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We Don't Criminalise Alcohol. So Why Cannabis, Reasons Marijuana Activist.

Millions of people die from tobacco and alcohol use, but there has been nothing to show a link between death and cannabis use, says Garreth Prince.

13/12/2016 14:44 SAST | Updated 13/12/2016 14:44 SAST
Jaime Saldarriaga / Reuters

If cannabis is as harmful as it is purported to be there should be tens of millions of deaths a year, but there is no evidence to show that is the case, Rastafarian Garreth Prince argued in a landmark case in the High Court in Western Cape on Tuesday.

He said millions of people die as a result of tobacco and alcohol use, but there has been nothing to show a link between death and cannabis use.

"What we are asking for is not just a limited exemption to Rastafarians on religious grounds. We are saying that cannabis should be treated like alcohol and cigarettes," submitted Prince.

Prince was not allowed to register as a lawyer due to a student dagga conviction and lost a Constitutional Court application to have dagga declared legal for religious use.

He has been working as a legal adviser since that case 18 years ago, and is representing himself and 18 other plaintiffs, as is Dagga Party leader Jeremy Acton.

The application is not specific to a particular purpose such as religious or medical use, but for the use of anybody who chooses to use it.

The plaintiffs were arrested for various dagga-related infractions. Prince for example, is accused of trafficking because he grows his own dagga at home.

Prince and Acton are arguing that the Criminal Prohibition of Dagga Act (sections 4b and 5c), read with certain sections of Part III of Schedule 2 of the Drugs and Drug Trafficking Act, are unconstitutional.

'Fire!'

Those sections make it a crime to possess a drug, unless it is for a variety of medical reasons.

The Drugs and Trafficking Act defines what constitutes a drug.

Prince submitted that clauses of the Act relating to dagga are unconstitutional because they prejudice against people who choose to use cannabis, known as dagga in South Africa, and take away their choice to use it.

Prince said dagga was outlawed in South Africa in the 1920s and wondered if it was done to act specifically against black people.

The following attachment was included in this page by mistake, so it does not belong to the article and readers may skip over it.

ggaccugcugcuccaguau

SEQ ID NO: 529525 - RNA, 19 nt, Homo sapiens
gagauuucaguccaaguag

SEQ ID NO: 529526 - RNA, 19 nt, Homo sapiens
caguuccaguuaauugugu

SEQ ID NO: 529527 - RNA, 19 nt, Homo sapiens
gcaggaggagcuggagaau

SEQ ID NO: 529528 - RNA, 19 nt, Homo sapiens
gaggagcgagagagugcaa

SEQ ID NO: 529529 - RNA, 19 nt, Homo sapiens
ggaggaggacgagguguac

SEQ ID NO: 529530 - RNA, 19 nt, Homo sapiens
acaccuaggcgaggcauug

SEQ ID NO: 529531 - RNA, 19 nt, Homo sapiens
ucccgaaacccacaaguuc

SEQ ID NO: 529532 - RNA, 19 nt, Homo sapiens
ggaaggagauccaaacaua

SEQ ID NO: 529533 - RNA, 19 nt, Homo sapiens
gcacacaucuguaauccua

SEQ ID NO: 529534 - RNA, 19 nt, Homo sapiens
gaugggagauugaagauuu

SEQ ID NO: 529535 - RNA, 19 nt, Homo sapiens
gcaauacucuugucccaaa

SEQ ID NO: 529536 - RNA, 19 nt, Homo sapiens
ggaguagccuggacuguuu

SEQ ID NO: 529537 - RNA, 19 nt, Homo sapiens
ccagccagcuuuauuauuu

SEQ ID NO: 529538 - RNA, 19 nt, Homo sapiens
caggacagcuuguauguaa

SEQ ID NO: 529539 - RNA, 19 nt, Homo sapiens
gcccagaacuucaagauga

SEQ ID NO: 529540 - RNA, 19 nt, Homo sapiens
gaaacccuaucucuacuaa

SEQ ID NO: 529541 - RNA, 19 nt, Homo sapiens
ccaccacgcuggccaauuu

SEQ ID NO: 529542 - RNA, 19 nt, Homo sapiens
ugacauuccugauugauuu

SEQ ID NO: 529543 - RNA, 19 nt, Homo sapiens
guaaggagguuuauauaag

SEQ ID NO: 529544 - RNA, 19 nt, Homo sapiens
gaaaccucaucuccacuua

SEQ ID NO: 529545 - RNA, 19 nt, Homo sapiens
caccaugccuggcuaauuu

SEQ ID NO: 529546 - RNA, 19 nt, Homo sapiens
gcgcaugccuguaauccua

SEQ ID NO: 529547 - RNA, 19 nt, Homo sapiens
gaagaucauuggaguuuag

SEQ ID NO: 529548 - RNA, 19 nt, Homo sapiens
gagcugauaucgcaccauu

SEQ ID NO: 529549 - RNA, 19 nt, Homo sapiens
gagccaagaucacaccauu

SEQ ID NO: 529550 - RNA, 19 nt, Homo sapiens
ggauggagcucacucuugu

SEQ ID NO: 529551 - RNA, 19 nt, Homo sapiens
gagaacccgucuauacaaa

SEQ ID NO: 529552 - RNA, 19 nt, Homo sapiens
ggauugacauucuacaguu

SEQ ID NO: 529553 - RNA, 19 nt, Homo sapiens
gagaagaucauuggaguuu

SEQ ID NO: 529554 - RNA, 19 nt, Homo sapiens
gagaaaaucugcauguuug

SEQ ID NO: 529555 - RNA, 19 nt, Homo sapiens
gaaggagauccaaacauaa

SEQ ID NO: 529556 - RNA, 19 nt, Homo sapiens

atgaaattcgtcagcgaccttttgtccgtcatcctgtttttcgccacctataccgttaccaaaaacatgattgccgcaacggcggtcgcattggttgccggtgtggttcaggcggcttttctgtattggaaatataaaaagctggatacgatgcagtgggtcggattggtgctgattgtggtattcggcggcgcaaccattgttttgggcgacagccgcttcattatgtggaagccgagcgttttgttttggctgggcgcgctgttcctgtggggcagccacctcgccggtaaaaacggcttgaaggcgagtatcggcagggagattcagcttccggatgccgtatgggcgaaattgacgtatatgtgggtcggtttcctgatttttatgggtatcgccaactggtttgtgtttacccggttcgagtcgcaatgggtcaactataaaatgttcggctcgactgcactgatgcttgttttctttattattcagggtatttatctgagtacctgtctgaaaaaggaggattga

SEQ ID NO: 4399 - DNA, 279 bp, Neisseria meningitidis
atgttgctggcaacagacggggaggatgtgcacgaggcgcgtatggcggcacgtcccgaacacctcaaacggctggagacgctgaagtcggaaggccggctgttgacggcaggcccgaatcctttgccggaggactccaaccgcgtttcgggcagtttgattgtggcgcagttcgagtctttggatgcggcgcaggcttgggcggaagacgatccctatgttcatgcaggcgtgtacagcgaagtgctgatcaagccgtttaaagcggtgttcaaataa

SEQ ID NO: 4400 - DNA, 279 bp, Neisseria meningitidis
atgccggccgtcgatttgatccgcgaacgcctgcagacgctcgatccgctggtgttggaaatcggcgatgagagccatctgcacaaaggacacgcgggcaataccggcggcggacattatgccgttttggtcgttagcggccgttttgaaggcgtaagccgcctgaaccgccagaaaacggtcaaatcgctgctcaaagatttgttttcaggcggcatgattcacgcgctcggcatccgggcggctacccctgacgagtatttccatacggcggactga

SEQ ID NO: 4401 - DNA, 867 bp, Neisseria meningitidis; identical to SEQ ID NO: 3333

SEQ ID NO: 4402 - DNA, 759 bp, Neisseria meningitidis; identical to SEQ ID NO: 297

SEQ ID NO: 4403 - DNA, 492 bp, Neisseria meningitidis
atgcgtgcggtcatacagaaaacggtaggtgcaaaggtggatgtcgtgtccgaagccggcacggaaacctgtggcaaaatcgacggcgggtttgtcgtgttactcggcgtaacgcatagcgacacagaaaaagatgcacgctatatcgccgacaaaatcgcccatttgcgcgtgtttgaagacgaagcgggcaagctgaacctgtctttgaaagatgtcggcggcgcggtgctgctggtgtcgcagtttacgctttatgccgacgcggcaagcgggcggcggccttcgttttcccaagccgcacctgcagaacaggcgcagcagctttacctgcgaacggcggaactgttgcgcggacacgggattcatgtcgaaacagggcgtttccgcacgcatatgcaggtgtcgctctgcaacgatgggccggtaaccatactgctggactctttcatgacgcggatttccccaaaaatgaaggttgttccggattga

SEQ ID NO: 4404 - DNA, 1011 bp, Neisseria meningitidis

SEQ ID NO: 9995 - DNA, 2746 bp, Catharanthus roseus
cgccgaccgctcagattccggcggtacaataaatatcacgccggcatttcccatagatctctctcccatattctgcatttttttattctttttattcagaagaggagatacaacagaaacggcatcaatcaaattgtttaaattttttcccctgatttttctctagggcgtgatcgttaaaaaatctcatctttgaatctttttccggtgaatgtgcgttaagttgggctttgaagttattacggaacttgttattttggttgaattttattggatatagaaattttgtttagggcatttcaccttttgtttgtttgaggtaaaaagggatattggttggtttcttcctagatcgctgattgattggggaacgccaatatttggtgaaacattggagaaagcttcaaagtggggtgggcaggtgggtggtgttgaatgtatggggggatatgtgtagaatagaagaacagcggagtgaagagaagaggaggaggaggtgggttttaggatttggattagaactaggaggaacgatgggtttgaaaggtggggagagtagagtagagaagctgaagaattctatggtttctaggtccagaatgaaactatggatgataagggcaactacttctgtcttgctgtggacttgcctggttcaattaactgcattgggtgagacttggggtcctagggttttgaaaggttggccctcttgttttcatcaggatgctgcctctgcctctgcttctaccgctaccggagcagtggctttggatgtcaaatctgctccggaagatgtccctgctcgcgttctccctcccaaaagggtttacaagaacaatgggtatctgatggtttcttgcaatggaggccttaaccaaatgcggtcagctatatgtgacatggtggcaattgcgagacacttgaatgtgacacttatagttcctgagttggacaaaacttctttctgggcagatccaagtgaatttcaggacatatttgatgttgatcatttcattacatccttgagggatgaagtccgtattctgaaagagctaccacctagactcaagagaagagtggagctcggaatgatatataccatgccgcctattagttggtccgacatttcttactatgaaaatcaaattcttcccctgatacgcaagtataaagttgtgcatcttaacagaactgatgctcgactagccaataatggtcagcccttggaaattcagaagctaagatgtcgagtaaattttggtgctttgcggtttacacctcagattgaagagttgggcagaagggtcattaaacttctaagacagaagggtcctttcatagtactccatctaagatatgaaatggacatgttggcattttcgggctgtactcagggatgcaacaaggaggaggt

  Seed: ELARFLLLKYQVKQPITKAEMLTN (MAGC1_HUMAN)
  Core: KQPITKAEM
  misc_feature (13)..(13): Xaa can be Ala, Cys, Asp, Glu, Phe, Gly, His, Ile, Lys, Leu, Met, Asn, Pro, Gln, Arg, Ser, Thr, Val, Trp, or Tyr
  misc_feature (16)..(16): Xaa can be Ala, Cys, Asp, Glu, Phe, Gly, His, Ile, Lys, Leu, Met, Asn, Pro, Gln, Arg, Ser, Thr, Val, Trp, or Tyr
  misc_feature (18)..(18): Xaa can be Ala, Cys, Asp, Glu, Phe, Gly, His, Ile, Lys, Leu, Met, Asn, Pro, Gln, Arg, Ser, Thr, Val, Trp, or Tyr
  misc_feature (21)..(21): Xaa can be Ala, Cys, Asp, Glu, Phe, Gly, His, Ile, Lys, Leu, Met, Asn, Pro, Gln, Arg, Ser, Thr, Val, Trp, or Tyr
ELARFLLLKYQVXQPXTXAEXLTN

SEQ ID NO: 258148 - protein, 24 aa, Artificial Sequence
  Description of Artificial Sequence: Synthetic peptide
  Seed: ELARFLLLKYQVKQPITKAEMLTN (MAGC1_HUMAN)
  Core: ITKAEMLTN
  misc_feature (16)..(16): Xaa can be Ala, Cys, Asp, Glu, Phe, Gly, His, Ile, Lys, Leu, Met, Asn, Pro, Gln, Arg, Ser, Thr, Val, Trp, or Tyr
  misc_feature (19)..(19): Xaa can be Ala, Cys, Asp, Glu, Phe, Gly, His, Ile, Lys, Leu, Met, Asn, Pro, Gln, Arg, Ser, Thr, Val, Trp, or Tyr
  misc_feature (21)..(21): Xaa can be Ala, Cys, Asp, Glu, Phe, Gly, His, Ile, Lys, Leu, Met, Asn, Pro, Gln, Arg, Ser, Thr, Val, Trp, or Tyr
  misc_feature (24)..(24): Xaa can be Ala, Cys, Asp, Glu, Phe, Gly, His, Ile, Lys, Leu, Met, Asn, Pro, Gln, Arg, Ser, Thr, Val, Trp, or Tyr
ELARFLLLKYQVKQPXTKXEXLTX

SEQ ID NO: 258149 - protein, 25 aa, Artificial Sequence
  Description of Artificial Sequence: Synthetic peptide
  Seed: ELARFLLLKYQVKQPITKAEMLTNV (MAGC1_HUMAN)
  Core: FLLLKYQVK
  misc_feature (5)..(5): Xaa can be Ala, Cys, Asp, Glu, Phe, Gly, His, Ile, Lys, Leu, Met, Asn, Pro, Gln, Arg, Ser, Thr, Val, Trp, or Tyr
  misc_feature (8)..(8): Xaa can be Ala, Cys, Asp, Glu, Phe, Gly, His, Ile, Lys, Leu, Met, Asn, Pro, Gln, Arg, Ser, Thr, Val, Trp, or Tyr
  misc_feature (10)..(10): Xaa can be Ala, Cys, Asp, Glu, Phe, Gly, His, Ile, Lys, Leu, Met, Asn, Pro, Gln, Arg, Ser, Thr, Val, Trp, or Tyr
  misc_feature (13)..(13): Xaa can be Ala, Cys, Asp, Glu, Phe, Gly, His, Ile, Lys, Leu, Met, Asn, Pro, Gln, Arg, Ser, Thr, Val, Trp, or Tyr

To exclamations of "fire" from the public gallery packed with Rastafarians when he made a point, Prince said black people were mere objects in those days.

The government did not care about them and seemed more concerned with protecting the moral health and safety of white people.

Dagga was regarded in those times as a substance that made white women want to have sex, he continued.

"There is absolutely no evidence to say that cannabis is a direct cause of anything," submitted Prince.

"Sugar, caffeine, asprin, kill thousands every year, but they do not criminalise them."

Society's stance on drugs 'ambivalent'

Asked by Judge Nolwazi Boqwana for his views on the harm caused by drugs such as tik, Mandrax and heroin, and whether use of these should also be allowed, Prince said the argument is not to strike down all drug laws.

He said that Portugal decriminalised all drugs in 2002 and they have been able to bring the prison population down.

He said he was not sure if society was ready in South Africa for his argument to go as far as unbanning all drugs, adding that is a discussion for Parliament.

"In my personal opinion, our society's stance on drugs is very ambivalent," he said.

Over 500 000 people had been arrested over the past two years for dagga, and cannabis users are being housed in overcrowded prisons using money that could be spent on social needs.

He explained that there are scientific tests that can be used to determine whether or not the use of dagga is linked to a crime, in the same way that drunk drivers have to go for alcohol tests.

"Drug abuse is a legitimate problem in our society, but as I have said in my papers, cannabis users do not exacerbate that," he said.

The case continues.

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